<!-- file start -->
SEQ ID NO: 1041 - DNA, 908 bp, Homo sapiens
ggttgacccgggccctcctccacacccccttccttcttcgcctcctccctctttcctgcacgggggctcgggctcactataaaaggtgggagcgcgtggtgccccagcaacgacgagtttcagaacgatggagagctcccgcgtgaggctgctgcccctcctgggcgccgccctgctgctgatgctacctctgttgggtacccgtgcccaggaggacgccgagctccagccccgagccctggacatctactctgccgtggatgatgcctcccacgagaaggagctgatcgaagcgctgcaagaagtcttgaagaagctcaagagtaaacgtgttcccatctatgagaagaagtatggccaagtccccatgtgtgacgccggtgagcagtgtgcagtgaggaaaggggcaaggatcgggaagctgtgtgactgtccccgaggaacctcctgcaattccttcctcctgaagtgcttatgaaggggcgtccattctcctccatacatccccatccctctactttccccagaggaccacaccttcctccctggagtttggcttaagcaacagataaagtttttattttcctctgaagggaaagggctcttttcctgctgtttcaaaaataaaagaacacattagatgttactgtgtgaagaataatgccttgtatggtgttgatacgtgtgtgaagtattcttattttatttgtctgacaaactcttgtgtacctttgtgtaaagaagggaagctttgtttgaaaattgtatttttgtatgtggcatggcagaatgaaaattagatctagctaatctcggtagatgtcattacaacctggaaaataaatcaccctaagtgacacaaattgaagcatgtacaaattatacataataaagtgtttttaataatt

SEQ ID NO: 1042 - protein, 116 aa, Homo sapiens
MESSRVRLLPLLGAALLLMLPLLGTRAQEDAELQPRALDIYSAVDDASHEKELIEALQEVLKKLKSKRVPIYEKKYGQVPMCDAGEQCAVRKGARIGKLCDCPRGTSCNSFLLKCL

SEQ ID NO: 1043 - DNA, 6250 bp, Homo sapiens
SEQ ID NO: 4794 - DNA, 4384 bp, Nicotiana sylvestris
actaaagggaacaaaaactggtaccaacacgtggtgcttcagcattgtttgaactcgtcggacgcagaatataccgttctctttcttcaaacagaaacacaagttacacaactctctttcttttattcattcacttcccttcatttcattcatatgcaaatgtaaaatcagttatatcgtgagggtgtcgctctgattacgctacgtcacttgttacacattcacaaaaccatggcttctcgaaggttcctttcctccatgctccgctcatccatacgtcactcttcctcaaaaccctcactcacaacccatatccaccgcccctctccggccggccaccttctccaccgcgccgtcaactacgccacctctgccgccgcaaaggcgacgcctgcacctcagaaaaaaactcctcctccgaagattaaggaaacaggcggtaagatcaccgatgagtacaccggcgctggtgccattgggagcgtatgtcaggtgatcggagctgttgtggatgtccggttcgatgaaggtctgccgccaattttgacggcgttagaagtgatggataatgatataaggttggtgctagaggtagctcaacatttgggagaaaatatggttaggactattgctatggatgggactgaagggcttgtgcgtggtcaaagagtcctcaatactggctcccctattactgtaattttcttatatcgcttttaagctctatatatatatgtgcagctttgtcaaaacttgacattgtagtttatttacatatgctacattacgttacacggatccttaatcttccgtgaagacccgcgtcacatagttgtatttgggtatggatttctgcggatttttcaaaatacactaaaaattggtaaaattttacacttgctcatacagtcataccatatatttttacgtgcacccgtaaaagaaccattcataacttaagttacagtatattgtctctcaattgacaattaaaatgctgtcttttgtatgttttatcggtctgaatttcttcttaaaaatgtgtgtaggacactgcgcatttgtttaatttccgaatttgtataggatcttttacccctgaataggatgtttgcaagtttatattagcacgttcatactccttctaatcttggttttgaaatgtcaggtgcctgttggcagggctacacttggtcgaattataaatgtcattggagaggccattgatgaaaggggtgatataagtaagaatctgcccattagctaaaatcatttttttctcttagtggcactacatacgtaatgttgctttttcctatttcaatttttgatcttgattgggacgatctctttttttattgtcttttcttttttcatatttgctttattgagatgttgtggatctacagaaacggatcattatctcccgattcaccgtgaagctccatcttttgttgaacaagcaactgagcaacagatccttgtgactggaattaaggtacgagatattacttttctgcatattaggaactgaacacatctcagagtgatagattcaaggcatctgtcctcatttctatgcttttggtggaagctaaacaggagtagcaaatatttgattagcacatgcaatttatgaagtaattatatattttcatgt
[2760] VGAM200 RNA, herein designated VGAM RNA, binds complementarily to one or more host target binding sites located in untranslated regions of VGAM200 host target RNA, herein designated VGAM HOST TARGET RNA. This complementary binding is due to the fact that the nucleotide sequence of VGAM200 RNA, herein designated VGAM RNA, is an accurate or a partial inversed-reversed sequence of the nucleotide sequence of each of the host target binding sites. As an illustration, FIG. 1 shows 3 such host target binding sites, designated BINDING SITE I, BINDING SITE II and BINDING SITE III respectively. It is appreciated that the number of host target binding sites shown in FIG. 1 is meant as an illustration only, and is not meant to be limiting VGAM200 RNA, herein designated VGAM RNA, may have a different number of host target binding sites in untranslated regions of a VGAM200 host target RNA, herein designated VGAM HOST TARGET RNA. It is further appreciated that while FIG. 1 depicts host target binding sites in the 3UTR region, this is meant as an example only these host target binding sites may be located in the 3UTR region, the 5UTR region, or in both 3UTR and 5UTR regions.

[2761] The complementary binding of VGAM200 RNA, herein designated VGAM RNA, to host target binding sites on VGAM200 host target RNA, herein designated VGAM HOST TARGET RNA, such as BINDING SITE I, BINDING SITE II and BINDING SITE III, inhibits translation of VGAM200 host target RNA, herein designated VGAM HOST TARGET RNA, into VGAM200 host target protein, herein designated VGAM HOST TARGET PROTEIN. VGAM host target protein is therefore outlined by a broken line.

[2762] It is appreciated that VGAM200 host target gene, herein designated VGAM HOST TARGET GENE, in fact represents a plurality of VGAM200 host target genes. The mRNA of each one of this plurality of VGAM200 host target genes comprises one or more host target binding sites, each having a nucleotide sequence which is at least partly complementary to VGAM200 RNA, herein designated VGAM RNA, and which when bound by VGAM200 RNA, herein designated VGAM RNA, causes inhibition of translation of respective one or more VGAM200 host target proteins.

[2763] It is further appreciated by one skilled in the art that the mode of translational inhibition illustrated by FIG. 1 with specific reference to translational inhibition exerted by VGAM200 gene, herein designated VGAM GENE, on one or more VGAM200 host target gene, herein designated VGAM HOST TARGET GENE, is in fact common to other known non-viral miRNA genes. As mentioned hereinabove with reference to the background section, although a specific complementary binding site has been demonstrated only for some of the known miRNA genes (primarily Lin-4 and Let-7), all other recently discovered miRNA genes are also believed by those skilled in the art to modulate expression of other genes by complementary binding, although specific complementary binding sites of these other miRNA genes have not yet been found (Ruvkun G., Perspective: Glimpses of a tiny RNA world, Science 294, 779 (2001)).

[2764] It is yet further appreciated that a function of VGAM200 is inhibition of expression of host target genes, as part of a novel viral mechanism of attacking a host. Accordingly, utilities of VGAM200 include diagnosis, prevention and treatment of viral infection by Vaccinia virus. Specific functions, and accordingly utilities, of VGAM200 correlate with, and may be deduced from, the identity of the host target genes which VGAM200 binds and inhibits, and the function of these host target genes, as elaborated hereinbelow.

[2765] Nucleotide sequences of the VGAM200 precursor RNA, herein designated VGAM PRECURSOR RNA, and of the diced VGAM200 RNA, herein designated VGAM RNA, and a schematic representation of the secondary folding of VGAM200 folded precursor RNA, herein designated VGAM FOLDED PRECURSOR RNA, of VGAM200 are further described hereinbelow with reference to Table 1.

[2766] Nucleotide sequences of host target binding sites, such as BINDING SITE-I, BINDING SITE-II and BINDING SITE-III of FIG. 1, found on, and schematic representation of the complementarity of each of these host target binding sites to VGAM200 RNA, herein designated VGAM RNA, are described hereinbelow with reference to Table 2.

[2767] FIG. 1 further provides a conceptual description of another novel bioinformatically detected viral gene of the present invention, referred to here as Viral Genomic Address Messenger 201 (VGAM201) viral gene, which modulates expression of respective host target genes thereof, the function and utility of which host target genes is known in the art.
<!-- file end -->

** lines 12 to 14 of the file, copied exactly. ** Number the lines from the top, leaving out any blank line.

[2764] It is yet further appreciated that a function of VGAM200 is inhibition of expression of host target genes, as part of a novel viral mechanism of attacking a host. Accordingly, utilities of VGAM200 include diagnosis, prevention and treatment of viral infection by Vaccinia virus. Specific functions, and accordingly utilities, of VGAM200 correlate with, and may be deduced from, the identity of the host target genes which VGAM200 binds and inhibits, and the function of these host target genes, as elaborated hereinbelow.

[2765] Nucleotide sequences of the VGAM200 precursor RNA, herein designated VGAM PRECURSOR RNA, and of the diced VGAM200 RNA, herein designated VGAM RNA, and a schematic representation of the secondary folding of VGAM200 folded precursor RNA, herein designated VGAM FOLDED PRECURSOR RNA, of VGAM200 are further described hereinbelow with reference to Table 1.

[2766] Nucleotide sequences of host target binding sites, such as BINDING SITE-I, BINDING SITE-II and BINDING SITE-III of FIG. 1, found on, and schematic representation of the complementarity of each of these host target binding sites to VGAM200 RNA, herein designated VGAM RNA, are described hereinbelow with reference to Table 2.